Talking Therapies - key principles
Therapy works at many levels, there isn’t one way of doing it, one solution that will provide a way through the emotional or relational difficulty you’re facing. People have different personalities and different needs when they come into therapy, and what works at one stage in the process may be inappropriate later on. But there are certain elements that play an important role in most talking therapies.
Telling your story
If you have reached the stage where you are thinking about finding a therapist you will probably have talked to a good friend or a partner, or certainly thought about what is troubling you. There may be a feeling of shame involved in what you are going through, and the sense that you have talked about ‘it’, but it keeps happening. And you may have got to the point where you realise, you can’t keep talking about the same things and so have kept it to yourself, or talked about it in part, but kept hidden some part of what is troubling you.
Simply getting something out in the open, rather than you having to hold it in, in a situation where you are not obligated in some way to that other person, can free the blocked emotions and allow this telling to come forward. And it is this first step of expressing what’s inside and unshared, and allowing it to come out into a shared space which can feel like a release - that something which you have kept hidden, a secret, can at last come out into the open and ‘show’ itself.
Being heard and accepted
But what is told needs to be heard and recognised. Much of your training as a therapist is about accepting and not being judgemental about what you are saying. And this isn’t about, not being judgemental in the obvious sense, that you have done something ‘wrong’, which you may well be feeling, but about accepting it as your experience - your ‘story’ so to speak, and what it is that is upsetting you. That it has an emotional logic, even though you now recognise it is creating problems for you in your life. This then allows you to hear what you are saying, to see it for the first time and to accept what you may well have experienced as unacceptable .
Expression of feelings
So this sharing and being heard allows a more full expression of your experience, and releases into a shared space emotions that have been locked away. An important part of this process is that you begin to see that what was experienced as simply happening to you, and that you seem to have no control over is something that you play a part in. You may be acting in a way that is not in your own ‘best interests’, but you are participating in this ‘drama’ that troubles you. It has, in short, what I call an emotional or subjective logic.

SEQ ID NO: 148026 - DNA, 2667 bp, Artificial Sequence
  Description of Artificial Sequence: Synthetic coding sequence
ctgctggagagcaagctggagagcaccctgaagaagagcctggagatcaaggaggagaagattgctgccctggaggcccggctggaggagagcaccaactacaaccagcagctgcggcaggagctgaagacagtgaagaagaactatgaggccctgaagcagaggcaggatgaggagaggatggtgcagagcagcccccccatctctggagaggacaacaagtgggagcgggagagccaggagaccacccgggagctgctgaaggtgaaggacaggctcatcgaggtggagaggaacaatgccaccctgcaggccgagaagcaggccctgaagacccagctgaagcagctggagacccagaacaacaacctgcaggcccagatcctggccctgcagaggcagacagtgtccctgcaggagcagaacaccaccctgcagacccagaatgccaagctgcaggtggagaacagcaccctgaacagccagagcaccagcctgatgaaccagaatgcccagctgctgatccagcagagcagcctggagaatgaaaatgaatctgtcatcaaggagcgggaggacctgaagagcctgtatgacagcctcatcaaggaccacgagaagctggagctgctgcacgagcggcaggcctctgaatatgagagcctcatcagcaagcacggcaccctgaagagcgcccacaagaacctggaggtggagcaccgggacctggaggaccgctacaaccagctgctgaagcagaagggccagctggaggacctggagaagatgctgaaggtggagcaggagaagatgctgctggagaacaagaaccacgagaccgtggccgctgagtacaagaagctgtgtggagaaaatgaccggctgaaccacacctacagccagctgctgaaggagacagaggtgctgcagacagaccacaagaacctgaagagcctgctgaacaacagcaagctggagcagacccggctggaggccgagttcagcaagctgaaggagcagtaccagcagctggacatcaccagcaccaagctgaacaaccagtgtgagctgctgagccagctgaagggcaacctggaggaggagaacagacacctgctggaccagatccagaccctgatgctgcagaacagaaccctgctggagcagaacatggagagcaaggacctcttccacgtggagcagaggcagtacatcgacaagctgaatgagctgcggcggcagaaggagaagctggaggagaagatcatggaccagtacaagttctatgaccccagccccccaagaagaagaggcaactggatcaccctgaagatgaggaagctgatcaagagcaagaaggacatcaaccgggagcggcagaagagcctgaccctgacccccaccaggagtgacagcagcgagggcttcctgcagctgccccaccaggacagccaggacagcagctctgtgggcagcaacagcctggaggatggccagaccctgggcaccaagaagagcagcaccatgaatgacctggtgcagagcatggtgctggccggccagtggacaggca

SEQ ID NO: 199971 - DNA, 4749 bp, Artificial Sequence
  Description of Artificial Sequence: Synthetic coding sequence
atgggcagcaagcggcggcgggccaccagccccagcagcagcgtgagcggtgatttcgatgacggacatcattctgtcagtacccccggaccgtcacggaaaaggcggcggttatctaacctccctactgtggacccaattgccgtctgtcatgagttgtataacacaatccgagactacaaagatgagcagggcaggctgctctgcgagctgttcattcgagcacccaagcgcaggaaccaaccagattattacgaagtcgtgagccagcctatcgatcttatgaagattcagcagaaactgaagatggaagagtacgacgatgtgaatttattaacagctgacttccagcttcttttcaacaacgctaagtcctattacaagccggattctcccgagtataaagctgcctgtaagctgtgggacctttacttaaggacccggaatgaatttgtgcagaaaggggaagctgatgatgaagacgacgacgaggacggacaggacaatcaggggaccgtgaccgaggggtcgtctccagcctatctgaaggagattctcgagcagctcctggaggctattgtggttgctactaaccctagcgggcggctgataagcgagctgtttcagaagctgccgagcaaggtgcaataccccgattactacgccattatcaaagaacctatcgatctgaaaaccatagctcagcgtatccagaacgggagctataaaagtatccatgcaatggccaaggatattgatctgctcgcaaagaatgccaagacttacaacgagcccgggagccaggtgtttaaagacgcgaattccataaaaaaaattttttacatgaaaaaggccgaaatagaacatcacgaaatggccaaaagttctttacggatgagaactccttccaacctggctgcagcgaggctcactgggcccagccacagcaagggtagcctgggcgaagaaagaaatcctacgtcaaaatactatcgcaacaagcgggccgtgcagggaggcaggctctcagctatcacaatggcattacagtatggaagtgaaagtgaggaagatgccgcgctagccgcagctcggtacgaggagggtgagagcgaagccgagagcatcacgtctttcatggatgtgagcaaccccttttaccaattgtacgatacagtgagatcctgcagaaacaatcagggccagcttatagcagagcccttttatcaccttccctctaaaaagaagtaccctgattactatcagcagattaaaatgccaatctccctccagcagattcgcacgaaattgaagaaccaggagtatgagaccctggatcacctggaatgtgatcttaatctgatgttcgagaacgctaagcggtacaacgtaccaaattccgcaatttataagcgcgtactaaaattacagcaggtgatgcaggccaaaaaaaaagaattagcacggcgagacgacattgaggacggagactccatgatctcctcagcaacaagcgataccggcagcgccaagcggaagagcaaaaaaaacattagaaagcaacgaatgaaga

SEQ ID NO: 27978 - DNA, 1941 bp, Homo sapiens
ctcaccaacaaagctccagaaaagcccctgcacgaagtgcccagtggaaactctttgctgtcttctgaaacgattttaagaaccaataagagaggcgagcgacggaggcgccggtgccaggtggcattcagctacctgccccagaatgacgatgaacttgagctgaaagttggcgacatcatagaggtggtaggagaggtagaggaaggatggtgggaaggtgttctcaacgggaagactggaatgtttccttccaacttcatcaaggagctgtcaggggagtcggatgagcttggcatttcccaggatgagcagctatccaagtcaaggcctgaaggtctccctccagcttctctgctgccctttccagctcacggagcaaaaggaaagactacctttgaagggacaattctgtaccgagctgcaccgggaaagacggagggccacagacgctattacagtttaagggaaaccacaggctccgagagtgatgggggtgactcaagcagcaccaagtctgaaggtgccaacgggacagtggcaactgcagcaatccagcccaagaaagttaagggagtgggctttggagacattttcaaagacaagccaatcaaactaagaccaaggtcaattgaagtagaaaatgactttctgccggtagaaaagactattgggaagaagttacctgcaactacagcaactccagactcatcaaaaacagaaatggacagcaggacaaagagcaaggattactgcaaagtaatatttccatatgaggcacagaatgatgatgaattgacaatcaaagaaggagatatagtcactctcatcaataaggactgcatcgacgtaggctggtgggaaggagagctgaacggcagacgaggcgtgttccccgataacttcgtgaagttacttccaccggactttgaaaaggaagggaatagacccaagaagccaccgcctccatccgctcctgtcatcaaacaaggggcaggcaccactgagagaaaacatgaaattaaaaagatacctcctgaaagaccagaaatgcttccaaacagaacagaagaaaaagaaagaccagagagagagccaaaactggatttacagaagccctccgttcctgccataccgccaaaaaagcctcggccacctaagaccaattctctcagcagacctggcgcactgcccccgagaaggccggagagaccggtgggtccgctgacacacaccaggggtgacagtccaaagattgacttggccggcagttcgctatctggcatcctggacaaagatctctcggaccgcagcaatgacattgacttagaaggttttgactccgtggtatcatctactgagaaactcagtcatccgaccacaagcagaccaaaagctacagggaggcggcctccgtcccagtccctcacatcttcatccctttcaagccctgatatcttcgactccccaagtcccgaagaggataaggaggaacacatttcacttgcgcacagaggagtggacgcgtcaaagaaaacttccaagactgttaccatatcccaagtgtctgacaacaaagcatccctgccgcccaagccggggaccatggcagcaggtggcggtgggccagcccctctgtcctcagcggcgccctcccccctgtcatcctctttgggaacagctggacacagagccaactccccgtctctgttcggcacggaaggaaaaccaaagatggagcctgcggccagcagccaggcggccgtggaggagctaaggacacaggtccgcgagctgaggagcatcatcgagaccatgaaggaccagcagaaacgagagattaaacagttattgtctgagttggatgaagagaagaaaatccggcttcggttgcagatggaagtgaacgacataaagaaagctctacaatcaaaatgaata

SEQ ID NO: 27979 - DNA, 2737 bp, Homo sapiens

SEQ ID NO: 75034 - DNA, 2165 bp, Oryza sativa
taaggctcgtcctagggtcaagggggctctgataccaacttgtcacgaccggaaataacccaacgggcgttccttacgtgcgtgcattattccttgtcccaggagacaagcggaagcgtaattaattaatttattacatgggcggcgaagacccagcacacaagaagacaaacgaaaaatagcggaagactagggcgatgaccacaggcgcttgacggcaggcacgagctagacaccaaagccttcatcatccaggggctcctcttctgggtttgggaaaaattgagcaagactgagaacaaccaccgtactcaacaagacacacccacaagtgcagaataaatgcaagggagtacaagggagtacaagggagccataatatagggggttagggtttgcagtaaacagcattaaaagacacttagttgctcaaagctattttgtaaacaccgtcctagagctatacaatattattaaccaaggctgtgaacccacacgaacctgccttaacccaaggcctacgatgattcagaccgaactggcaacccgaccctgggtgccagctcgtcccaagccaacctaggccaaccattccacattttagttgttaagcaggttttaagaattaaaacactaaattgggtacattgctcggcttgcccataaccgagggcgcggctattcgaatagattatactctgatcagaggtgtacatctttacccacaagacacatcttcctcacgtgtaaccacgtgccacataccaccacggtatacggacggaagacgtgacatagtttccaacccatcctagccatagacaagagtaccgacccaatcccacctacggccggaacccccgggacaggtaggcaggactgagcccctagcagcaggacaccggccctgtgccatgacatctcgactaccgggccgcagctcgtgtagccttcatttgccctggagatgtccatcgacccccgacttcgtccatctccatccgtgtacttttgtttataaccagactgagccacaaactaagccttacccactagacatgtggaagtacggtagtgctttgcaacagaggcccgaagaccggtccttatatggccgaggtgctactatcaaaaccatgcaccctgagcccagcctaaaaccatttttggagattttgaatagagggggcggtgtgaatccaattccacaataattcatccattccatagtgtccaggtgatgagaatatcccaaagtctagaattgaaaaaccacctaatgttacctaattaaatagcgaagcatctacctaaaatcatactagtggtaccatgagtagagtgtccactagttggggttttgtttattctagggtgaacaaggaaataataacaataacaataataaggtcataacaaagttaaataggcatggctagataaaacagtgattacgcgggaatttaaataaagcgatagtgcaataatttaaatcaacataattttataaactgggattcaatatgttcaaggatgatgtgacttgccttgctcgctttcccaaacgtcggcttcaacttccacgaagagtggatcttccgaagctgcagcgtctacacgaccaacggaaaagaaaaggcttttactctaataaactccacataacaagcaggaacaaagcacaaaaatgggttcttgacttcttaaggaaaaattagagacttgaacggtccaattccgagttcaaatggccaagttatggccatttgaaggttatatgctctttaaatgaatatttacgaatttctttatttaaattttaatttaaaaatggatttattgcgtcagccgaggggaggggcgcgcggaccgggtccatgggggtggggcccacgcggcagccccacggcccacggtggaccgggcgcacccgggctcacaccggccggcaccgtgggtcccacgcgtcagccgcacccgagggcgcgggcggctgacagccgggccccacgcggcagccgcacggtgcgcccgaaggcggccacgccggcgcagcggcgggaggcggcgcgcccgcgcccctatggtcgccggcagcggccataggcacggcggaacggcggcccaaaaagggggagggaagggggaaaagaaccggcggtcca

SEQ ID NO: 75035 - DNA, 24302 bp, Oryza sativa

Once there is this release of emotional energy and the realisation that you do have agency, you do play a part in what is going on, memories can come back and it becomes possible to understand that your problems are not simply just there, or because you’re at fault, but are part of larger picture – of a world that you grew up in for example, of things that have happened to you and you have been a part of. It then becomes possible to see these experiences in perspective and why you have sometimes ended up relating to situations that didn’t make sense rationally, but from an emotional perspective made a lot of sense and so you found it hard to stop. For example a young child faced with the parents separating and having to face the anxiety of this separation, and feeling that they are to blame, may deal with it by trying to be very ‘good’, which makes sense at the time as a way of coping. But if this becomes a part of how they relate to the world around them as a child, it will probably carry through into their adult life and affect how they relate to people there. Being ‘good’ may not be the best way to relate to a partner or to a situation at work when what is required is a sense of confidence and an ability to assert yourself.
The transformation of meaning